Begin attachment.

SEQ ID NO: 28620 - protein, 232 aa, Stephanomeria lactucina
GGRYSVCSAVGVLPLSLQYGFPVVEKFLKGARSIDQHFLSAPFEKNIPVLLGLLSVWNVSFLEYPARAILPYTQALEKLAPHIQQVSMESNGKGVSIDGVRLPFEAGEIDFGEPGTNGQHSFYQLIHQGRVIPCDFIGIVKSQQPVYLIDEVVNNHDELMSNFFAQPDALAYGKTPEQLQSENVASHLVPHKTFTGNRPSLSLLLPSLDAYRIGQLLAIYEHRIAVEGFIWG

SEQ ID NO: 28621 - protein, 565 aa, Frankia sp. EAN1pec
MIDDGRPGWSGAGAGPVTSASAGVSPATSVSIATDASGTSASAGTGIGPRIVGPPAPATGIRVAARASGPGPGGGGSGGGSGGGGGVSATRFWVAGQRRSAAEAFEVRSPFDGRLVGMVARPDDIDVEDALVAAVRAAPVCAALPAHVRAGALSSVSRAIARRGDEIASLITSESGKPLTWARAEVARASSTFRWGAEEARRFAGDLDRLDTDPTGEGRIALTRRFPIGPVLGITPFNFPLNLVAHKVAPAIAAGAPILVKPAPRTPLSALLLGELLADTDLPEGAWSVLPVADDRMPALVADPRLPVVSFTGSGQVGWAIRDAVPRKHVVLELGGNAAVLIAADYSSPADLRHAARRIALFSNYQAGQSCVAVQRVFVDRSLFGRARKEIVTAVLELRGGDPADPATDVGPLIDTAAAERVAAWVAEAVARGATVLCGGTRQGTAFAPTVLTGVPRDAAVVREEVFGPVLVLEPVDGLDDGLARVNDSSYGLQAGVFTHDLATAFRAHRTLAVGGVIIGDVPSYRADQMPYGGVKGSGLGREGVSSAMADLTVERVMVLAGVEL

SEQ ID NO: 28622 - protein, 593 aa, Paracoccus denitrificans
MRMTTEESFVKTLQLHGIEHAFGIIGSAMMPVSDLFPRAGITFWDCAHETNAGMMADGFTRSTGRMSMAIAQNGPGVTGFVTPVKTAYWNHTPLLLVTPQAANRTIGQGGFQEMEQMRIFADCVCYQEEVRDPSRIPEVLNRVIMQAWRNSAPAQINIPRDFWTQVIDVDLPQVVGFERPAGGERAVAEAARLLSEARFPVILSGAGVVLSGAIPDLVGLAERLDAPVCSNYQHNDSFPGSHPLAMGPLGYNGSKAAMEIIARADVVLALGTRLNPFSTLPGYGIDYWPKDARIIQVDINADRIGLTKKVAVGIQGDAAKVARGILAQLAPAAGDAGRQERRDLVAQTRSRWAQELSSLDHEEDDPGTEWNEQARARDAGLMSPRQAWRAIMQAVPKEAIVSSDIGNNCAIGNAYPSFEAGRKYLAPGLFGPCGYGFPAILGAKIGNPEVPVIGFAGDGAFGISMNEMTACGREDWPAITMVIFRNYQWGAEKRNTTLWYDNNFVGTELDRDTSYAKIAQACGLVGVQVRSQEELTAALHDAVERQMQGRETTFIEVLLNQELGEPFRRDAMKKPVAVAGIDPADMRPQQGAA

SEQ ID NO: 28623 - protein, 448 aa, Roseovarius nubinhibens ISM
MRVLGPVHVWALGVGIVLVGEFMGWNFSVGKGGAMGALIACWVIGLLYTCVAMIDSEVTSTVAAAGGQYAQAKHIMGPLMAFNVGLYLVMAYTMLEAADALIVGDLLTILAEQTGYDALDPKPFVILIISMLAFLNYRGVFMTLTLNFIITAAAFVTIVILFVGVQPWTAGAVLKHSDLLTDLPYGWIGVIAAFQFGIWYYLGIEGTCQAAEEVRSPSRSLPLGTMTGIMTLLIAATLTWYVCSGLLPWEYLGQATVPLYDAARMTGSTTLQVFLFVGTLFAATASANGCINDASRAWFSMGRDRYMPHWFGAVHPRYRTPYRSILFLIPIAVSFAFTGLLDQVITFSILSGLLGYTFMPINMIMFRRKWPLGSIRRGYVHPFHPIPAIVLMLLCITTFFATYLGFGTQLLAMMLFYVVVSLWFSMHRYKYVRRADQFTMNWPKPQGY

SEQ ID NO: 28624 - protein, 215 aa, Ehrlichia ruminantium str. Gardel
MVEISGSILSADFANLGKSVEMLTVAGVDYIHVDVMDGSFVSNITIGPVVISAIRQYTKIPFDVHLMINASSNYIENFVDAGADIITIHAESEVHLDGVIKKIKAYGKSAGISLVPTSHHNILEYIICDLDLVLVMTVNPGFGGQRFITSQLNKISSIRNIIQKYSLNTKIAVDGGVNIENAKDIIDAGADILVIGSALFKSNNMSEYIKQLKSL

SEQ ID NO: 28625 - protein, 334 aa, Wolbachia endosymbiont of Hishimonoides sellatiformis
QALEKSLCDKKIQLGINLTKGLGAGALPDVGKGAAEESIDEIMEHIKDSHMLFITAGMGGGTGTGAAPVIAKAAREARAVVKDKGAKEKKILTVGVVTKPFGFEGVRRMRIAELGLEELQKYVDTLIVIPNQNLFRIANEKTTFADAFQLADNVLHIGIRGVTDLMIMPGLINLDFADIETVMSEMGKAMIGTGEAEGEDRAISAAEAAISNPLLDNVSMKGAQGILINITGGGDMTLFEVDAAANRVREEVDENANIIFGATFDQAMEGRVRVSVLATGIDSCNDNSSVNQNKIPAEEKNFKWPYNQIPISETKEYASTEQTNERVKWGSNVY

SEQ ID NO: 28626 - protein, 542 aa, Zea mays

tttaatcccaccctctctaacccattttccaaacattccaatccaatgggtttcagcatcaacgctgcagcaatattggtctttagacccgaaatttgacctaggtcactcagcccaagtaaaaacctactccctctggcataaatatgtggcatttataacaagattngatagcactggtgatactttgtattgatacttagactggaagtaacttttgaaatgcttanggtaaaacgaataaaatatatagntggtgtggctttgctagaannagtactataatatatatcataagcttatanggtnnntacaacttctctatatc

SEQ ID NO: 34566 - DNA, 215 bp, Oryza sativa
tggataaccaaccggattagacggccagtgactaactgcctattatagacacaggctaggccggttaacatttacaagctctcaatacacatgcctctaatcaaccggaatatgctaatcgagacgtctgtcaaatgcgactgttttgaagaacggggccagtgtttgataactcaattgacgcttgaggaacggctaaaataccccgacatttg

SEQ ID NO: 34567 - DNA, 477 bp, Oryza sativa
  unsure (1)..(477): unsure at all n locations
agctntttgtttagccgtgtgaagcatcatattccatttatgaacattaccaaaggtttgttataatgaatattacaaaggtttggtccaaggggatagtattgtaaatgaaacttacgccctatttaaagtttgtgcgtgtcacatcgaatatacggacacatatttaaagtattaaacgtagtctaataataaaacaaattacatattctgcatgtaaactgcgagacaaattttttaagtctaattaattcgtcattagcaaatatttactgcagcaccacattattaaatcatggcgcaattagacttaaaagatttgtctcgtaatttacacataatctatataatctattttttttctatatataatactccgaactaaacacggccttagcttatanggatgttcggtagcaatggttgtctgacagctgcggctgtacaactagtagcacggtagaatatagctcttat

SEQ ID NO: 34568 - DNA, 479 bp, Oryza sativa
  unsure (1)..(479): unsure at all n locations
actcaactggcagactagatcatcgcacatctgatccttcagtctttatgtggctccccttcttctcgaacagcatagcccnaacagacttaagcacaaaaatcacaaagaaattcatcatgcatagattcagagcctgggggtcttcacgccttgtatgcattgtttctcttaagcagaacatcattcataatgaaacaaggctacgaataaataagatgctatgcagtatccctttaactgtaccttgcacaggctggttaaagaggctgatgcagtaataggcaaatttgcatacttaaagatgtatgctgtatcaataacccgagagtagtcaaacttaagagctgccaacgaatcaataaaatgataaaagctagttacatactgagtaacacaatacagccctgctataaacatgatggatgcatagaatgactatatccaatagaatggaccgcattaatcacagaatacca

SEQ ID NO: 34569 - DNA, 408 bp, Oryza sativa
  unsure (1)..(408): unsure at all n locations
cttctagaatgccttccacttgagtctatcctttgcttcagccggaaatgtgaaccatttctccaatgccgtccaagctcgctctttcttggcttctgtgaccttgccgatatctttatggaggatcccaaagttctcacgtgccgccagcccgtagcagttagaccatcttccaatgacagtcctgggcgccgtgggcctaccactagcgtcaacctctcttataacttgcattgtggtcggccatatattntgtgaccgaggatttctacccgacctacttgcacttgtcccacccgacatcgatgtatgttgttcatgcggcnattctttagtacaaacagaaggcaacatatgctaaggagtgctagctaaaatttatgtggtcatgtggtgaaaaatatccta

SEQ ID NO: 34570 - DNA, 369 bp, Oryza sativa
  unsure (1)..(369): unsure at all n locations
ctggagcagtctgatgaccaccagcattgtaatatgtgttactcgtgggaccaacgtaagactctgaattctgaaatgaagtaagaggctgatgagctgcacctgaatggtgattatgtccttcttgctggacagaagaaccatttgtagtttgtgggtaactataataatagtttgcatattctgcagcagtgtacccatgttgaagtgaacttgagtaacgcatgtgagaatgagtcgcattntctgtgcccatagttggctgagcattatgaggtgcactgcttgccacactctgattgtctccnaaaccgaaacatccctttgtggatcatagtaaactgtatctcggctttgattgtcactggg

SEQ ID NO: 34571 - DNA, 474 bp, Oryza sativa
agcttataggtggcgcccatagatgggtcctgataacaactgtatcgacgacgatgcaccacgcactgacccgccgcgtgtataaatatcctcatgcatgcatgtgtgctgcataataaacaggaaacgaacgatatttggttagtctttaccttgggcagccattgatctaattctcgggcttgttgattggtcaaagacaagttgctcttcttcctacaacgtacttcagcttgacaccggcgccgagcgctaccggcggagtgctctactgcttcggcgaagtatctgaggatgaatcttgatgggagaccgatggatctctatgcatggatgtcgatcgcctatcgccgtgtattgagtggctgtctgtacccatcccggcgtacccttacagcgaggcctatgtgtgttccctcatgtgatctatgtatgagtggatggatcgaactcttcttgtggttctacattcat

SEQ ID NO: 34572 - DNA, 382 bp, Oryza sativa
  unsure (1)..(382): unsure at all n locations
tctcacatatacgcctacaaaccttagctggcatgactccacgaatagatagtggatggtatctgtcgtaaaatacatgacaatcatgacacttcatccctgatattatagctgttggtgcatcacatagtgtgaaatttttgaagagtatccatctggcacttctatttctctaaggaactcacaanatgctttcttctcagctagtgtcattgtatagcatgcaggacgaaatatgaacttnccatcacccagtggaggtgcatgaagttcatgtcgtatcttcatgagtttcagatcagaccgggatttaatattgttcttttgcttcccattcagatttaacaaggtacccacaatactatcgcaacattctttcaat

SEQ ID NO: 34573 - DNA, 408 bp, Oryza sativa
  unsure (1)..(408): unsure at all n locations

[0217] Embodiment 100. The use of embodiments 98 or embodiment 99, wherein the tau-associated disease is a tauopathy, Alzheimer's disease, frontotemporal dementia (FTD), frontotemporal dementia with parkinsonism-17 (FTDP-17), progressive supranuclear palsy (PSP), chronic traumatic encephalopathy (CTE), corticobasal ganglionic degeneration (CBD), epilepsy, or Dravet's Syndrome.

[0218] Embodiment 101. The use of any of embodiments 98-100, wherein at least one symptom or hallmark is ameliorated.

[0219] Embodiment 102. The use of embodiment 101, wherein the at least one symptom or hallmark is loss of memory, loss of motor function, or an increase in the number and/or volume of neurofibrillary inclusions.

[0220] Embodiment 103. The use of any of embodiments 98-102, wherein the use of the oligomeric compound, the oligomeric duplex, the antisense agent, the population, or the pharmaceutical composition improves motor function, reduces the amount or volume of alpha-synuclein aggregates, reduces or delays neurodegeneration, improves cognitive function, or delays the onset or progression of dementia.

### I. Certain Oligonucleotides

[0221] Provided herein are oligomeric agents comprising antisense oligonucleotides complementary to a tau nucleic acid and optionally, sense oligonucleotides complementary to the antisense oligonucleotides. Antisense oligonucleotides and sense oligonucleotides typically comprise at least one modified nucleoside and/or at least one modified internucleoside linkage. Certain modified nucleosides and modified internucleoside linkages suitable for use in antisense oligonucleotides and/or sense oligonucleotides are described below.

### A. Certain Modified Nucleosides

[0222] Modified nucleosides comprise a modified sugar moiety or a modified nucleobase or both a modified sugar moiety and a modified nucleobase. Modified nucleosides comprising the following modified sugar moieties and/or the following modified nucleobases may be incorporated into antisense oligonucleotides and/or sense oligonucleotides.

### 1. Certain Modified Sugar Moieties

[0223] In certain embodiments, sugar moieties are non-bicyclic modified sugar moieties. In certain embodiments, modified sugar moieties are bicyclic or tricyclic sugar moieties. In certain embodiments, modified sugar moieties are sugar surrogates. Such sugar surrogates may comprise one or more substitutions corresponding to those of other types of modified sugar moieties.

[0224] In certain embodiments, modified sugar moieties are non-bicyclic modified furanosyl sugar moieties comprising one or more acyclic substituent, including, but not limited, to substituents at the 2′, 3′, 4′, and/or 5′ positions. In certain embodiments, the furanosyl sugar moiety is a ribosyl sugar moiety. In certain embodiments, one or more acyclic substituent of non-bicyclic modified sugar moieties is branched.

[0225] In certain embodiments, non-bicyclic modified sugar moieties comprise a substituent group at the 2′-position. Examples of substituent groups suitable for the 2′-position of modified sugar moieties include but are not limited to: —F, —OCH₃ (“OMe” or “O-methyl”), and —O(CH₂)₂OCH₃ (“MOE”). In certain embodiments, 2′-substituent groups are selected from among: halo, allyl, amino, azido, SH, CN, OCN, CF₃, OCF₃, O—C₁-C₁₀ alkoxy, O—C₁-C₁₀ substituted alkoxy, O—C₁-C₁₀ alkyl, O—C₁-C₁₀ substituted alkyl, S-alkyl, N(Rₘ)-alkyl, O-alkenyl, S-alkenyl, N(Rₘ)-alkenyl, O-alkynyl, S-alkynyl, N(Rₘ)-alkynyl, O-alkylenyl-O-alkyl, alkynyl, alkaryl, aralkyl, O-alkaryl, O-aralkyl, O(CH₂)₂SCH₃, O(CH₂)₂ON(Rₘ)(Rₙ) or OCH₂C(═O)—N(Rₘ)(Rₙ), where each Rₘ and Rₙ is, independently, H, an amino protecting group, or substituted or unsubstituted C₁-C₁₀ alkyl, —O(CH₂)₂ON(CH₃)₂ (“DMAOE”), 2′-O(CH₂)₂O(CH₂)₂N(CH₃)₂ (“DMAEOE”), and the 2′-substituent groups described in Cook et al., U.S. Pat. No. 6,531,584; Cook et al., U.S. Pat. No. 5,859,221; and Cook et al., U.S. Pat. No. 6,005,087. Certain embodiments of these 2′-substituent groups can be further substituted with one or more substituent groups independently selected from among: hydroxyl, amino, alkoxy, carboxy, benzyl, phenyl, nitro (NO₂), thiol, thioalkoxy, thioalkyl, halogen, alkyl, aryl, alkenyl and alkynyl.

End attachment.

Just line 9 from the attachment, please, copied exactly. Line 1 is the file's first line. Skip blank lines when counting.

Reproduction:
SEQ ID NO: 28624 - protein, 215 aa, Ehrlichia ruminantium str. Gardel